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Home » » Hunter Planning Board Deliberates on Cannabis Facility

Hunter Planning Board Deliberates on Cannabis Facility

Written By The Mountain Eagle on 2/9/24 | 2/9/24

By Max Oppen

TANNERSVILLE —  In a meticulously orchestrated session at the Town of Hunter planning board meeting, Elka Park resident Alexander Zivian unveiled updates to the site plan map for his brainchild, the Catskill Mountain Cannabis LLC. Nestled at the intersection of Platte Clove Road and Farrell Road, this proposed cannabis growing and distribution center is poised to revolutionize the local industry.

Zivian, accompanied by Gavin Vuillaume, who represented the Environmental Design Partnership engineering firm, took the helm of the presentation. Their collaborative efforts highlighted the evolving blueprint for the facility that promises to redefine standards in sustainable cannabis cultivation. A notable feature is the commitment to eschew tractor-trailers and limit the workforce to a modest five employees.

The unveiled updates encompassed revisions to the parking plan and an intricately detailed erosion control strategy. Zivian, currently a resident on the proposed site, articulated plans for the 10,800-square-foot prefabricated building. The proposed structure will stand at a modest 10 feet tall.

"I plan on using a living soil organic system of growing," Zivain affirmed. "The plants will be grown in beds using completely organic nutrients." He assured attendees that the facility would not employ pesticides or fertilizers, adhering to the highest organic standards.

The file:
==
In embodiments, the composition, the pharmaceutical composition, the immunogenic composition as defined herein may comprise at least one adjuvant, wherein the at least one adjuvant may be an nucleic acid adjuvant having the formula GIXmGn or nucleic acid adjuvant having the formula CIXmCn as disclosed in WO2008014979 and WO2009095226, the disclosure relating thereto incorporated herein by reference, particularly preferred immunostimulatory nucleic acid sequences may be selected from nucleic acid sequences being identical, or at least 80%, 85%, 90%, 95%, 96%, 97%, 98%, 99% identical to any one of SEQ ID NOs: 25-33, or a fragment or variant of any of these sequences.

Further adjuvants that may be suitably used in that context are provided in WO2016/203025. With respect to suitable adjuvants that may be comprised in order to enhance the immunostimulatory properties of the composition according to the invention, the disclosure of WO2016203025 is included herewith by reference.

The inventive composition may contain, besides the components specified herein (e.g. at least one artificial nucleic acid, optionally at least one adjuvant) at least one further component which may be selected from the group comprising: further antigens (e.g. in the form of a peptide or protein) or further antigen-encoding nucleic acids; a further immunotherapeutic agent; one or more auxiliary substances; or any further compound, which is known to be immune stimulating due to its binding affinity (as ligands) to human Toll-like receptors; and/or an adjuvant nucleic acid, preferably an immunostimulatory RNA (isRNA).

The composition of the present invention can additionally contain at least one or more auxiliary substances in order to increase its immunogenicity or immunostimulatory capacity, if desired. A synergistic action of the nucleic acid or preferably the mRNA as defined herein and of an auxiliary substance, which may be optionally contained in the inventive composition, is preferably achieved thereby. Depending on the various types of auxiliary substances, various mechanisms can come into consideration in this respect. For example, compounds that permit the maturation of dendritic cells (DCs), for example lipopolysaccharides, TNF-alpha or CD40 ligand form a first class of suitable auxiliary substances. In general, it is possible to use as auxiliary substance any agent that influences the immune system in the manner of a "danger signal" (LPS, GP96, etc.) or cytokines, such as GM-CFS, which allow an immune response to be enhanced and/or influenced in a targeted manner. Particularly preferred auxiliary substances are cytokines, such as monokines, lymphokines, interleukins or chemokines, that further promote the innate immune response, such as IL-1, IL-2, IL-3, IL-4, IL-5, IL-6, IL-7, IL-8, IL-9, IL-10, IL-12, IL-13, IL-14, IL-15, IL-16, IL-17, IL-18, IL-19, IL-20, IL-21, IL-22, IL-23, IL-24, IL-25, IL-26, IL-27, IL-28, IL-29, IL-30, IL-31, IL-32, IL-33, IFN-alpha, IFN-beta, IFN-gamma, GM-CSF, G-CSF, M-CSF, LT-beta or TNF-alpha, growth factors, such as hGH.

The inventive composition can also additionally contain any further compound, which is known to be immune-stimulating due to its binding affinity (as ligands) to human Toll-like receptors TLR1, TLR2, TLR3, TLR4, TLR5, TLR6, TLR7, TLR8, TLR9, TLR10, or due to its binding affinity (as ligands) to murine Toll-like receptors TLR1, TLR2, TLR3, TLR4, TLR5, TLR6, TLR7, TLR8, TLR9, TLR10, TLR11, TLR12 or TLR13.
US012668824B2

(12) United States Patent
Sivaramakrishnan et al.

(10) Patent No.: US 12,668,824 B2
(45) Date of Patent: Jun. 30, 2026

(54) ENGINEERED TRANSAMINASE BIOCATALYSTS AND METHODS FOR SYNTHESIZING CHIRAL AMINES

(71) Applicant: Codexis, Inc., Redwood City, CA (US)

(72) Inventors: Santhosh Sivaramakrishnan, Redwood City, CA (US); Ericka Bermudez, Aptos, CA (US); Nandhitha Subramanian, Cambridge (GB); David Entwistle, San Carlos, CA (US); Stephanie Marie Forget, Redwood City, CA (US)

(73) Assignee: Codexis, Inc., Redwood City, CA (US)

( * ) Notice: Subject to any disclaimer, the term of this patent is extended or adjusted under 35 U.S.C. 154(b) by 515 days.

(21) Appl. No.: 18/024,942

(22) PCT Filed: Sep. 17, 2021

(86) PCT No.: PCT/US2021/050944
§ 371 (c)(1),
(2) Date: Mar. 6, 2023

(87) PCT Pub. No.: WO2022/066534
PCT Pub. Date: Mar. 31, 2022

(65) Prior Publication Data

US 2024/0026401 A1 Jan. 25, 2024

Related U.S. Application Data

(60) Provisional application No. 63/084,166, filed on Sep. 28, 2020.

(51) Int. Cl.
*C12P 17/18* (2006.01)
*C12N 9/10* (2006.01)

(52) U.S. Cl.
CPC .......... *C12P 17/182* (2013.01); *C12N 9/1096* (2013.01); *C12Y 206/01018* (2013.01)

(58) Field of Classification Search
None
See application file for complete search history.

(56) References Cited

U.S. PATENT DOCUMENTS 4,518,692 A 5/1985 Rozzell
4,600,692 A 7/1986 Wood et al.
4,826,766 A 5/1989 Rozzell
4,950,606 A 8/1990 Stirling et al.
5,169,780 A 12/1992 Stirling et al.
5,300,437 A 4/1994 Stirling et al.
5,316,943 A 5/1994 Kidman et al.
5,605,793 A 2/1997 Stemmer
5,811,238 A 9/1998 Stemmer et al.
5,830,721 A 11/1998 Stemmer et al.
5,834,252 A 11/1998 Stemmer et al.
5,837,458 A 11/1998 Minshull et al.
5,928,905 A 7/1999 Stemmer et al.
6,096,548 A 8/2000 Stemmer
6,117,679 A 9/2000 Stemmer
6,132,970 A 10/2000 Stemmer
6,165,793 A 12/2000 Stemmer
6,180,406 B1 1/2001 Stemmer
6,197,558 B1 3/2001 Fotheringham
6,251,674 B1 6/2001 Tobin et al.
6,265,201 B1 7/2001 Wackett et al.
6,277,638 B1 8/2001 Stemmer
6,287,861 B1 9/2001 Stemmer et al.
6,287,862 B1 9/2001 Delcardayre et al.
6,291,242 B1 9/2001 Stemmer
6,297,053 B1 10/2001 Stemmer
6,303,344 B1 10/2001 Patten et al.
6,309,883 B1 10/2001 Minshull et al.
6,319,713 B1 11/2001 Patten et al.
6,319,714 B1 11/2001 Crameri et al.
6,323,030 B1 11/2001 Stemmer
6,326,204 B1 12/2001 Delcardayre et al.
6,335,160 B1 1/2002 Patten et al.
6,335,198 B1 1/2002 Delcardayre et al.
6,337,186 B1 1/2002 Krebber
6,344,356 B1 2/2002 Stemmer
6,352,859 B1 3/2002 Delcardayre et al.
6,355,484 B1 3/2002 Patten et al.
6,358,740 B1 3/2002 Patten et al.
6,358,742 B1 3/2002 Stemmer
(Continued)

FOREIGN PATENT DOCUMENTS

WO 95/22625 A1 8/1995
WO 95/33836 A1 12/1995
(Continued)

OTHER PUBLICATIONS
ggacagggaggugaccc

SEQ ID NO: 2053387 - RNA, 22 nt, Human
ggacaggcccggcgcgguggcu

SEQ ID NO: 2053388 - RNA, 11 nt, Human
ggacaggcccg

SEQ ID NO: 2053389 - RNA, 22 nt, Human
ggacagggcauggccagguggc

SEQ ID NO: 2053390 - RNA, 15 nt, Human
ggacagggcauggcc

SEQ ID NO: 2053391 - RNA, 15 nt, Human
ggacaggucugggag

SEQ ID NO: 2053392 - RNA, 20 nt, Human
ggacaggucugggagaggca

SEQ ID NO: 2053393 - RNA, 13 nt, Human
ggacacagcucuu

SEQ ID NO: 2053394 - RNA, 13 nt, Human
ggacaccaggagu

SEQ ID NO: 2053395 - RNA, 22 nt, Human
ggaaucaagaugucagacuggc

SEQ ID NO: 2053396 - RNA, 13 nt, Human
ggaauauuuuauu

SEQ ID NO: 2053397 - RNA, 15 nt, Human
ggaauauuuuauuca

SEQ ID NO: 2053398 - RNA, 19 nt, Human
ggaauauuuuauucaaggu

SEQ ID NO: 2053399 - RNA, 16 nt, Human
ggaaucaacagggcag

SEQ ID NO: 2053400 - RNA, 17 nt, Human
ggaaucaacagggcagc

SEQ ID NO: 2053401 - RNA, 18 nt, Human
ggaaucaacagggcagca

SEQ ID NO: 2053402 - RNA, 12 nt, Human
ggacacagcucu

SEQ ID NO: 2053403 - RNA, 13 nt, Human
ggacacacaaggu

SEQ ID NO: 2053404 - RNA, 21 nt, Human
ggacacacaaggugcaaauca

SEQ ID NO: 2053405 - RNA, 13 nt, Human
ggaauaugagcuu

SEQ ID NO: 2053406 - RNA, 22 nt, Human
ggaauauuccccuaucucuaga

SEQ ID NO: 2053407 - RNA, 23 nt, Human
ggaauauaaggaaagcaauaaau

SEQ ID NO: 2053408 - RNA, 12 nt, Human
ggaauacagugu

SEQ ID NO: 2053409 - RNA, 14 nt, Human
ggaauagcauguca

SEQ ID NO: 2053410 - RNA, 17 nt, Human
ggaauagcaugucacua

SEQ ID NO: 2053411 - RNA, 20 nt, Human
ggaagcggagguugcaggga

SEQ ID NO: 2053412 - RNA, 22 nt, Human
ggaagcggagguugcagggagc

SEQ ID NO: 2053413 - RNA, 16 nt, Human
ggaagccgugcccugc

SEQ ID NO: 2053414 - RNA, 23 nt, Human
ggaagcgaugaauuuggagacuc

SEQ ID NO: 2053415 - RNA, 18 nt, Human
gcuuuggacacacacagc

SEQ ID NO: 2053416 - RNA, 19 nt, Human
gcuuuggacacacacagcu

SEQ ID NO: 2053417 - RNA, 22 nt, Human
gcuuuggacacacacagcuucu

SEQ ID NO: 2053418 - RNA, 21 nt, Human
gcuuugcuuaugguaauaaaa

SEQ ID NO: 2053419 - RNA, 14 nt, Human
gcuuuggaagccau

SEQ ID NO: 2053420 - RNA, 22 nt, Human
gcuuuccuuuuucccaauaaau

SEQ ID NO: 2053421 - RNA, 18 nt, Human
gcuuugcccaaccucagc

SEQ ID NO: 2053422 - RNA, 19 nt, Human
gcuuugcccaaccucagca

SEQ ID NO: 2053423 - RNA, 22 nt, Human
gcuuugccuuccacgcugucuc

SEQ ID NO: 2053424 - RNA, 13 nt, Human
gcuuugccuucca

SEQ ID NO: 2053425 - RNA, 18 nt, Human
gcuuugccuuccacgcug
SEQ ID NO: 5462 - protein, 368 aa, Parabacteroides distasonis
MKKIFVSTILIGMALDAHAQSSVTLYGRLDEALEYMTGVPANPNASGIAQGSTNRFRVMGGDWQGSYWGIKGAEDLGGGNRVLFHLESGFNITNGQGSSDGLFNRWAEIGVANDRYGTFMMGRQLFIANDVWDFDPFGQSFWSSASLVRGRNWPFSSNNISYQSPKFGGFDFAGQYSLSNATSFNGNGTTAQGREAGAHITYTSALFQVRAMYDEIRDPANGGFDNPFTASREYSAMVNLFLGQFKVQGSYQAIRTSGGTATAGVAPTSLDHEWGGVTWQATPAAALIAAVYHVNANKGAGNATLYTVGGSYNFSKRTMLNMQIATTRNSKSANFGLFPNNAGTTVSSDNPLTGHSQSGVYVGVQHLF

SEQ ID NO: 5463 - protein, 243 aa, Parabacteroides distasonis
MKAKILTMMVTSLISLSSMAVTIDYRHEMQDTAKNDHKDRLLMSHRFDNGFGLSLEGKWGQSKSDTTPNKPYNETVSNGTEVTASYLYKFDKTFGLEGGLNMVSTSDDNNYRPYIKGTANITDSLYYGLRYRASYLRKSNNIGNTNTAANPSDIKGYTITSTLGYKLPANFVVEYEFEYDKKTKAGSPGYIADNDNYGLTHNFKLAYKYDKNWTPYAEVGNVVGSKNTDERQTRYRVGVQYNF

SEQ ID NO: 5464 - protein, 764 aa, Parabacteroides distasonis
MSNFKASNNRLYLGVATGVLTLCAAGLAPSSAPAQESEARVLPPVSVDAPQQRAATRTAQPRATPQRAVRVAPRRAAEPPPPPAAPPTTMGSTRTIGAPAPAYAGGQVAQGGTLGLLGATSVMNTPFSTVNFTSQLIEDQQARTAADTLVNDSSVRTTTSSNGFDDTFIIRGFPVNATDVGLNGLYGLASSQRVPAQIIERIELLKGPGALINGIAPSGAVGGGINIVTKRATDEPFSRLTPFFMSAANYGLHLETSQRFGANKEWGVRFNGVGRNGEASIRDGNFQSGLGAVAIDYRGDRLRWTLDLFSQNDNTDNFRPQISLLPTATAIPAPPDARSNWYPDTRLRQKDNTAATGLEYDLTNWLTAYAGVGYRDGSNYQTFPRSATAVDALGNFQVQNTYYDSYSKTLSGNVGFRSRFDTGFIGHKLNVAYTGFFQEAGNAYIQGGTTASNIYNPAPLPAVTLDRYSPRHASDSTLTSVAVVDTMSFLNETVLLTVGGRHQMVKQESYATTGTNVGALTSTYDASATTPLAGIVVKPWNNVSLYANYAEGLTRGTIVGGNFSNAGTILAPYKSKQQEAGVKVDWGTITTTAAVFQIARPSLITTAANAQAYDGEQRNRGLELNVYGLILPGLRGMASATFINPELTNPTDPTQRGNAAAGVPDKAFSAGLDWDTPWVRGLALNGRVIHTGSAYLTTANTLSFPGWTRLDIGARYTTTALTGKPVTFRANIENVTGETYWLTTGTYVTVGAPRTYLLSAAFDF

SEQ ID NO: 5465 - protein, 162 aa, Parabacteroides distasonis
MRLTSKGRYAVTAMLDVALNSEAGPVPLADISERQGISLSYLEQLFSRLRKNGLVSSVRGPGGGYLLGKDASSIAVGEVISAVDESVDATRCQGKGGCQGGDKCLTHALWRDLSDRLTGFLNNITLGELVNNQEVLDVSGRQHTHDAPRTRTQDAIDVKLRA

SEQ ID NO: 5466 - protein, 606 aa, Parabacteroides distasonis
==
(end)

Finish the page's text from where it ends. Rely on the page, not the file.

Each unique growing cycle is projected to span eight to nine weeks, with several cycles yearly. Zivian projected a minimum of five years before soil amendments would be necessary, underscoring the commitment to sustainability. Waste, including soil, stems, and seeds, is earmarked for dispatch to a state-certified composting facility.

Supervisor Sean Mahoney interjected during the session, probing Zivian's stance on rainwater harvesting. Zivian was under the impression that such practices might not be legal in the Catskill Watershed. This was met with disagreement from Mahoney, citing local precedents such as rainwater harvesting currently used by Former Market Gardens.

The meeting's climax was the announcement by Planning Board Chair Marc Czermerys of a forthcoming public hearing in early March. Anticipating robust community engagement, Czermerys encouraged attendees to reserve detailed inquiries for the impending hearing.

Topics during the meeting ranged from lighting plans and noise concerns related to compressors and generators to the potential necessity of fencing for the indoor growing facility. Czermerys, with an eye on transparency and community involvement, assured attendees that the public hearing on March 5 at 6:30 pm would be the ideal forum for comprehensive discussions.

For those unable to attend the hearing in person at the Town Hall, Czermerys extended an invitation for remote participation. Interested parties can contact him at (518) 589-6151, ext 304 by 2 pm on March 5 to receive a Zoom link.

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